Editor’s Log: The Perfect Day - The Fisherman

Editor’s Log: The Perfect Day

I was once asked to describe my perfect day; the answer I gave then still stands today.  My father and I leave the dock at dawn with a few light tackle outfits and a gallon of live grass shrimp.  It’s a sunny, windless summer morning, as dad slides his center console out of the channel and across the flats, settling in along a quiet slew tucked beside the marshes behind Long Beach Island.

After bridling the anchor my father begins tossing small handfuls of live shrimp over the gunnel as I rig a shad dart with a couple of livies attached, casting back behind the slick and slowly retrieving towards the boat.  Fifteen minutes later we’re netting the day’s first spike weakfish before bedlam ensues with the two of us catching and unhooking weakies, one after the other.  This is before the one-fish limit, so we’re able to sort enough keepers to fill the box with several days’ worth of trout dinners.

After a few hours of non-stop action, we pull anchor and head for home, stopping along the way in a secluded cove to check the crab pots.  Dad pulls each trap, dumping the contents into a wire basket and sliding a fresh bunker into the bait hold, as I size the catch.  In no time the bushel basket is nearly filled with blue claws, and we’re back on plane towards the dock where dad will cut the fish and light the outdoor cooker for steaming the crabs, as I clean the boat and stow our gear.

By 1 p.m. we’re sitting in the living room with the Phillies game on television, dad picking crab meat, and the three of us – dad, me, and Harry Kalas calling the game on the tube – settling in for a Sunday afternoon.  Our conversations run the gamut from baseball and politics to love and marriage, reminiscing about old times and close friends.  In those 3 hours dad collects a pile of crab big enough to stuff a half-dozen weakfish filets, and our Phils win a nail biter in the bottom of the ninth.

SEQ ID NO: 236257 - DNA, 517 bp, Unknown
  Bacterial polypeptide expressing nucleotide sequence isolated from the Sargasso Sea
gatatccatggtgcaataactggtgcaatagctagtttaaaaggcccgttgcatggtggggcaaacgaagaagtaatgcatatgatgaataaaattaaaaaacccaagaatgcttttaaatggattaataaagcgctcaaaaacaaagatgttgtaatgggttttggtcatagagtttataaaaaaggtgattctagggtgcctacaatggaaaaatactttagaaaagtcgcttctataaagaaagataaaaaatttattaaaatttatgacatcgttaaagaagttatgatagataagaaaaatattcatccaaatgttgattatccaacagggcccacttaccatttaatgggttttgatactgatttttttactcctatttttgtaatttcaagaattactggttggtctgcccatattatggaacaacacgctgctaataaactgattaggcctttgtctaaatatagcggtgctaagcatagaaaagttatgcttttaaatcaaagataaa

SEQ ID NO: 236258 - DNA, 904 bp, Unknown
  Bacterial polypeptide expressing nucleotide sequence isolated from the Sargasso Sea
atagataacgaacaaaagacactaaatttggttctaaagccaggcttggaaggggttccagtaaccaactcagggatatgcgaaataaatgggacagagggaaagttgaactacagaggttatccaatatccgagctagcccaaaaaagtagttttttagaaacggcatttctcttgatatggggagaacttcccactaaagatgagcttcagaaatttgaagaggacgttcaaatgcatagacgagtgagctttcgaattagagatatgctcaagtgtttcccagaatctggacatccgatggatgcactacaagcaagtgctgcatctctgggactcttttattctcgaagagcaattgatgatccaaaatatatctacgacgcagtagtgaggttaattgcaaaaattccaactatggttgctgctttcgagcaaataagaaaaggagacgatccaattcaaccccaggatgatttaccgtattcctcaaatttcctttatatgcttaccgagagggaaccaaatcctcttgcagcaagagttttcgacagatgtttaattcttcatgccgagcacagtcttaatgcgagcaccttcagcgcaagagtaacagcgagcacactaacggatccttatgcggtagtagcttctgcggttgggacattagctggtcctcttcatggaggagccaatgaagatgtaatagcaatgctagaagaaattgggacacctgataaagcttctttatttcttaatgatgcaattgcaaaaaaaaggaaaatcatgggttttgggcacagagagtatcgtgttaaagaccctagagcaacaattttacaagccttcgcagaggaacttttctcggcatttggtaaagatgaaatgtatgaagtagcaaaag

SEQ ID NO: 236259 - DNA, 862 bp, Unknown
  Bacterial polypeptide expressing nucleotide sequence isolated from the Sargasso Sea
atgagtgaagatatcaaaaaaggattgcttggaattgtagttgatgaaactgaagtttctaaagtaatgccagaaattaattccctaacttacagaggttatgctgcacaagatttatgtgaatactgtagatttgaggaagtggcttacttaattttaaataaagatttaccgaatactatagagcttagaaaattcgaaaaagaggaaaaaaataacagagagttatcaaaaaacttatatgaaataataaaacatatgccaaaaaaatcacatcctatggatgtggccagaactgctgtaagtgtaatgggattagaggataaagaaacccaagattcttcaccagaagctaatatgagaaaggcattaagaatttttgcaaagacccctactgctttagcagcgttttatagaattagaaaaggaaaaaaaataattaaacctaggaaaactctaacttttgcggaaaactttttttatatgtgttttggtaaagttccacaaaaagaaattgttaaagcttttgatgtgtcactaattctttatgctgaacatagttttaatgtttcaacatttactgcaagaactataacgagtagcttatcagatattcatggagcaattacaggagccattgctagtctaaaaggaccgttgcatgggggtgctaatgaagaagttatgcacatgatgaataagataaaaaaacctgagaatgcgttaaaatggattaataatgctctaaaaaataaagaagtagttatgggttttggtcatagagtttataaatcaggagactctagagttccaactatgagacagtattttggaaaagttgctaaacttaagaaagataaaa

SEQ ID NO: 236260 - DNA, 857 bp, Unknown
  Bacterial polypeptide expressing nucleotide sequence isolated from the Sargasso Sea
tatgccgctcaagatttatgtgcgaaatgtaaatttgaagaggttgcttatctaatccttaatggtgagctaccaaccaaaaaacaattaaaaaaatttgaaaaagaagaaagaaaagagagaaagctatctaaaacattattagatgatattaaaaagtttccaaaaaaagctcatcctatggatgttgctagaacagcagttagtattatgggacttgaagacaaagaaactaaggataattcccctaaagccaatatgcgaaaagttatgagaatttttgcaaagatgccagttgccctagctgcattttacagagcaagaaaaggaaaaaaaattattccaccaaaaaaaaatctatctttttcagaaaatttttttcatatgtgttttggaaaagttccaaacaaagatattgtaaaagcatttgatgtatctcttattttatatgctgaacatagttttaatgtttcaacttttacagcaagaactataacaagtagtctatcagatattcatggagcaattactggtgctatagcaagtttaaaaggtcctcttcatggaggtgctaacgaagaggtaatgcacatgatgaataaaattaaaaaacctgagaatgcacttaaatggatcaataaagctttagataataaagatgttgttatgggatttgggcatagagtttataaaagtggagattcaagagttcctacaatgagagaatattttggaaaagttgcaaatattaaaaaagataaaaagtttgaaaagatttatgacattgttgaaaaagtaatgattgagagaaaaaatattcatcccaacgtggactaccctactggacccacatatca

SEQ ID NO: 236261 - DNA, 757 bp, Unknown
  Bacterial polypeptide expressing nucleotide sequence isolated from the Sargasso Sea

I love my wife and children to no end, but these times with dad have been a true constant in my 50-plus years on this earth.  My father is one of my best friends, a most trusted advisor in life, and these times we’ve spent together – hunting, fishing or just watching a ball game – are the moments that have kept me the most grounded through the years.

On Saturday, May 4th, dad drove to me for the opening day of fluke season, meeting in my driveway a little after 6 a.m.  On the short drive through the neighborhood to where my center console is docked we drove past a red fox on the last of her morning hunt before retiring to the den, and by 7 a.m. we were out the creek and headed across the bay to one of my spots.  As the tide turned and the chilly easterlies came up, I deployed the trolling motor to cut the “wind against tide” as we worked to put together a catch, talking technology, fishing, sports, family and life.

I forget sometimes that Hutch, Sr. turns 81 this year; when I look at him today I still see a strapping man hauling traps and patiently trying to teach me to hit a curveball.  Then I look in the mirror at the lines in my face and I remember that time passes more quickly than we realize.  It wasn’t a banner opening day for us fish-wise, but as I watched dad’s pickup truck roll away from my house that afternoon, I felt truly blessed.

My wife and I ate fresh fluke that night, and our Phils crushed the Giants 14-3.  All in all, it was another perfect day.

Happy Father’s Day my friend.

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